* A love story

I’ve devoured the Charley Sloan lawyer series by William Coughlin and continue to read his other novels.  I noticed that the copyright reads “William  J Coughlin has asserted HER rights… to be identified as the author of this work.”  I thought that was a weird typo , so I ended up searching out details of his life.  As I posted earlier, William Coughlin passed away in 1992.  He wrote with such life and vigor (and no anachronistic references) that I couldn’t imagine I was reading the works of a dead author.

 

Coughlin’s wife and former editor, Ruth, wrote “Grieving: A Love Story” in 1993.  I was fascinated by their relationship and perhaps morbidly curious about William (known as Bill to his family and friends).  He couldn’t be dead, right?  I just finished “Grieving,” which is a tough read.  And yes, William is dead.  Maybe if Ruth weren’t such a terrific writer, the book would be easier to take.  Written in chapters which juxtapose William’s fight for life with Ruth’s desperate loneliness after his death, the book is startling in its honest depiction of the agonies of fighting end-stage cancer.   One source of Ruth’s anguish was how others responded to her grief; she found comfort in the kind words that thousands sent to her.

ruth

Read Ruth’s obituary at Publisher’s Weekly

Ruth was offended by the content of many “survivor” books.  Would she be surprised that her book is still of consolation to others?  My copy of “Grieving” is second-hand and after I finished reading, I noticed this inscription in the cover:

September, 1995

Jen   ——

I know this is a tough time of year for you.   Maybe reading this book will help.  Let me know when we can get together for bingo, bridge, lunch or dinner.

Martha 

Wow.  Ruth, who passed away in 2015, would have been pleased.

 

 

 

* Coming to grips with a label

sped labels 2Coming to grips with a special education label?  Easier said than done.  The labeling process has timelines and established procedures, but for all parents, there’s a lot more to it than getting a Handbook of Parents’ Rights.  For some parents, the very idea of a disability may come as a shock. How could their chatty, sociable kid have a reading disability?  How could their brilliant but shy kid be autistic?  How could their lively and curious kid have an attention disorder?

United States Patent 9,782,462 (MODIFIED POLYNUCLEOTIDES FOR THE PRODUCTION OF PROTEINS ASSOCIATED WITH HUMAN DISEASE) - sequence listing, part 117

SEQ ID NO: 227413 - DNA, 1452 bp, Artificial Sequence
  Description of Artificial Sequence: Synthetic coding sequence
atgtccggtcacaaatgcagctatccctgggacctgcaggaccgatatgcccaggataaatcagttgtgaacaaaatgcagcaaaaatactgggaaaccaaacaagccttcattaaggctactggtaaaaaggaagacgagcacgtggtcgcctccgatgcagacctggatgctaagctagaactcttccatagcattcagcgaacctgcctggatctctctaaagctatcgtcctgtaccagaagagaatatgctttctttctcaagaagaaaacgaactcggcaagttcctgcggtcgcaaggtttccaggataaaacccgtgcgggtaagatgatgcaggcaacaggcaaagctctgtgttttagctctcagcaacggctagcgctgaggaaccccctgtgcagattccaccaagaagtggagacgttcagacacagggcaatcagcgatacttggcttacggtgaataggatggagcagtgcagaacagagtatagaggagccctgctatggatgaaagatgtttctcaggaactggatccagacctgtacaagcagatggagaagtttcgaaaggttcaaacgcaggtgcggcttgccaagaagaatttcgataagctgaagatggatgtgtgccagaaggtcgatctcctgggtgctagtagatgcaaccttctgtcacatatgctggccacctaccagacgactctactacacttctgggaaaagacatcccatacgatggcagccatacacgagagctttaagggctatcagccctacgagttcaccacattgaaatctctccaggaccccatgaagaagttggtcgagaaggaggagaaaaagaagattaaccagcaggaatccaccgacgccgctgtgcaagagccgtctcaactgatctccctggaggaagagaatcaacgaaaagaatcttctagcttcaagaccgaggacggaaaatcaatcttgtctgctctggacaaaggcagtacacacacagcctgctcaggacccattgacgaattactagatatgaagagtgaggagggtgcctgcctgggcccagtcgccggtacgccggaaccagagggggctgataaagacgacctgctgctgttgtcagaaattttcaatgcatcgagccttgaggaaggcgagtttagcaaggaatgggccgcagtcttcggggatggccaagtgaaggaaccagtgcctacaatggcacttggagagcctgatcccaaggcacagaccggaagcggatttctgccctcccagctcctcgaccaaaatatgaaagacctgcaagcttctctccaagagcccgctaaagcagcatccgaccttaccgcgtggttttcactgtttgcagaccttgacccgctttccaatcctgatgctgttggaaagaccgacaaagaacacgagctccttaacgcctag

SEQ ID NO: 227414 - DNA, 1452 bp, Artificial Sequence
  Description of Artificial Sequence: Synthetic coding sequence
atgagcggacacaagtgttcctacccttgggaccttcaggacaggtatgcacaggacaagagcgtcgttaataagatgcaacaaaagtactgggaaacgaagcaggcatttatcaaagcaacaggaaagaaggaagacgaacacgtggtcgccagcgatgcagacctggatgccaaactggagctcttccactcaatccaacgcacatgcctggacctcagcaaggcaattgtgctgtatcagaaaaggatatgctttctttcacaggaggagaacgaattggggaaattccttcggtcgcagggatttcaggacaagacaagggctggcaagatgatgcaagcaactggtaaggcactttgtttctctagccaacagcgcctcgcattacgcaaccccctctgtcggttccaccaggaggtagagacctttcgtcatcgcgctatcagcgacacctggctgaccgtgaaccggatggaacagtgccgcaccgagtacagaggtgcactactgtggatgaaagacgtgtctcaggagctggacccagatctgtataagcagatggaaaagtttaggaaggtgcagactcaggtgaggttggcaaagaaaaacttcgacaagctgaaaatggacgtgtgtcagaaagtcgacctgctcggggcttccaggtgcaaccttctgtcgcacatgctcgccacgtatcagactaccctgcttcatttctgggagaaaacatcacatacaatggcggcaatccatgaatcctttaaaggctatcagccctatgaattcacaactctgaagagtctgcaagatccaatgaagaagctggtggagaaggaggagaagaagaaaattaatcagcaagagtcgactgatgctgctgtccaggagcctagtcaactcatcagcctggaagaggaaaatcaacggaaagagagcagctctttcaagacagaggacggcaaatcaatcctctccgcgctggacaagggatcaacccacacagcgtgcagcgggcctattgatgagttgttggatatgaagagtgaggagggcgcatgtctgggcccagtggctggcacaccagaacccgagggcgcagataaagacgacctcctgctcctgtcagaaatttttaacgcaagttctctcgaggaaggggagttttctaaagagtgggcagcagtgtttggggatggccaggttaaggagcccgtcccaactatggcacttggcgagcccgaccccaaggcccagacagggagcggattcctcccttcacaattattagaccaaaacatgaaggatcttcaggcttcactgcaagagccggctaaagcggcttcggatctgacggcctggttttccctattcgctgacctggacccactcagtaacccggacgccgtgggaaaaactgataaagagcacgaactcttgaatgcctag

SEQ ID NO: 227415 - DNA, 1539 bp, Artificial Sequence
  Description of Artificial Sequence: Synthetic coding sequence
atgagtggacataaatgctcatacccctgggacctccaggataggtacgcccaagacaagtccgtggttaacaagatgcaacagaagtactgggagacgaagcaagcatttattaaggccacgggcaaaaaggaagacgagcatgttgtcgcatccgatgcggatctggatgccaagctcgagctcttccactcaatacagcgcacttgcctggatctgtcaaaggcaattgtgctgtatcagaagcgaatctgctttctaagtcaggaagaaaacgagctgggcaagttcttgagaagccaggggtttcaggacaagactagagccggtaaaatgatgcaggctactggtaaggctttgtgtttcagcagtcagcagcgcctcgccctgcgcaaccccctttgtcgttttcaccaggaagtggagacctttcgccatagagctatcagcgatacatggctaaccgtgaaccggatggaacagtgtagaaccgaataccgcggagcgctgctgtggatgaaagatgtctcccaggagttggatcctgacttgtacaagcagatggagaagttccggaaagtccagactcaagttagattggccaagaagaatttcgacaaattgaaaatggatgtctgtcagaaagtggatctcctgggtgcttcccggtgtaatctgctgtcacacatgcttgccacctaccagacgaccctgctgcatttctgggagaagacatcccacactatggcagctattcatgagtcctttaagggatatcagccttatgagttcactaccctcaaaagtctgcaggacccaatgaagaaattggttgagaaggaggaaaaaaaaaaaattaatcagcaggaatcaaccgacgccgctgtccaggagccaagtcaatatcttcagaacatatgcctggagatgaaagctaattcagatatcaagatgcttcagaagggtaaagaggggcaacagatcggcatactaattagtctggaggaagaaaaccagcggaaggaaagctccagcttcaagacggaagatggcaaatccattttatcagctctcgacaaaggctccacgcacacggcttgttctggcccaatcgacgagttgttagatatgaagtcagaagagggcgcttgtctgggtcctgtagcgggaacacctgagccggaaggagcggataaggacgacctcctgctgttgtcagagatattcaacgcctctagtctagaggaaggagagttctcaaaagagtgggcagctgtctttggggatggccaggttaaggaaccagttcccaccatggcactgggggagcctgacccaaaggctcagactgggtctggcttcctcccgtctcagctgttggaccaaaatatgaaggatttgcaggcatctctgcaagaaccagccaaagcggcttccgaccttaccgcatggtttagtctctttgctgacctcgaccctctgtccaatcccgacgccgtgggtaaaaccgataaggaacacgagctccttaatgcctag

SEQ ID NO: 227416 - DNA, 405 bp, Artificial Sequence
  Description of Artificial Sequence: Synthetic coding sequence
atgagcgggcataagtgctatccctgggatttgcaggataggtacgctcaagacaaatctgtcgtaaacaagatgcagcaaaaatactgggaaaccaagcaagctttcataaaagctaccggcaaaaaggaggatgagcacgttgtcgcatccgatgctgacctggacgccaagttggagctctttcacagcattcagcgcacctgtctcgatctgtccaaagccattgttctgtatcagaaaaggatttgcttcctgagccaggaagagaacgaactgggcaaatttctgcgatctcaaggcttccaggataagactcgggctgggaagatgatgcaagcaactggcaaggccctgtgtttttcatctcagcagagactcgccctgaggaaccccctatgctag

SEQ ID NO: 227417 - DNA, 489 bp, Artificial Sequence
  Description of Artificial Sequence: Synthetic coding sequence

The labeling process stops in its tracks right there for some families.  They believe that the school is off-base, biased, prejudiced, or negligent.  I’ve been on both sides of the fence: seeing kids who clearly needed special education and seeing kids who clearly needed better instruction.  For parents who are shocked by this news from school, it can take years to sort through the process.  Evaluations, grief, denial, lawsuits, and more can characterize this difficult impasse.  When parents are the ones demanding an evaluation, the impasse can be equally disheartening.

Let’s examine what’s involved when parents do recognize that their child has a disability.  Perhaps the disability was identified in preschool.  Perhaps it was a result of whole body radiation to fight leukemia.  Whatever its origin, which is likely unknown, a disability can be like a death, a loss of hopes and dreams.  Early intervention may restore some of that optimism, or it may solidify their worst fears.  It’s an uncertain path which sometimes leads to depression or ends in divorce.  I remember a parent telling me that she grieved every year on her child’s birthday.

Assuming the parents and school agree on a special education label, let’s fast forward to another annual event which can be equally devastating: the yearly IEP meeting.  There’s a reason that school-based committees have boxes of tissues available for parents.  Although the IEP does reference strengths, the bulk of the document carefully outlines the child’s weaknesses and ongoing need for intervention.  As much as a family may want that IEP, it’s another reminder of what might have been or what has already been.  It’s a tough meeting, perhaps made even more difficult by a conflict with teachers over the services provided.

What can parents do?  Enlist support, whether from family, friends, other parents of kids with similar needs, and/or professional organizations.  Educate yourself on the disability and best practices for improving your child’s success. Be your child’s best advocate.  Enjoy your child.  Your child is a wonderful kid who wants to succeed, wants to be accepted, and wants to do their best.

What can teachers do?  Empathize with the family.  You may not have had a child with a disability, but you will surely have suffered loss and despair.  Encourage the parents.  I have seen many kids who had serious problems in their first years of school who are now successful college students.   Educate yourself on the disability and best practices for improving your student’s success.  Be your student’s best advocate.  Enjoy your student.  This child is a wonderful kid who wants to succeed, wants to be accepted, and wants to do their best.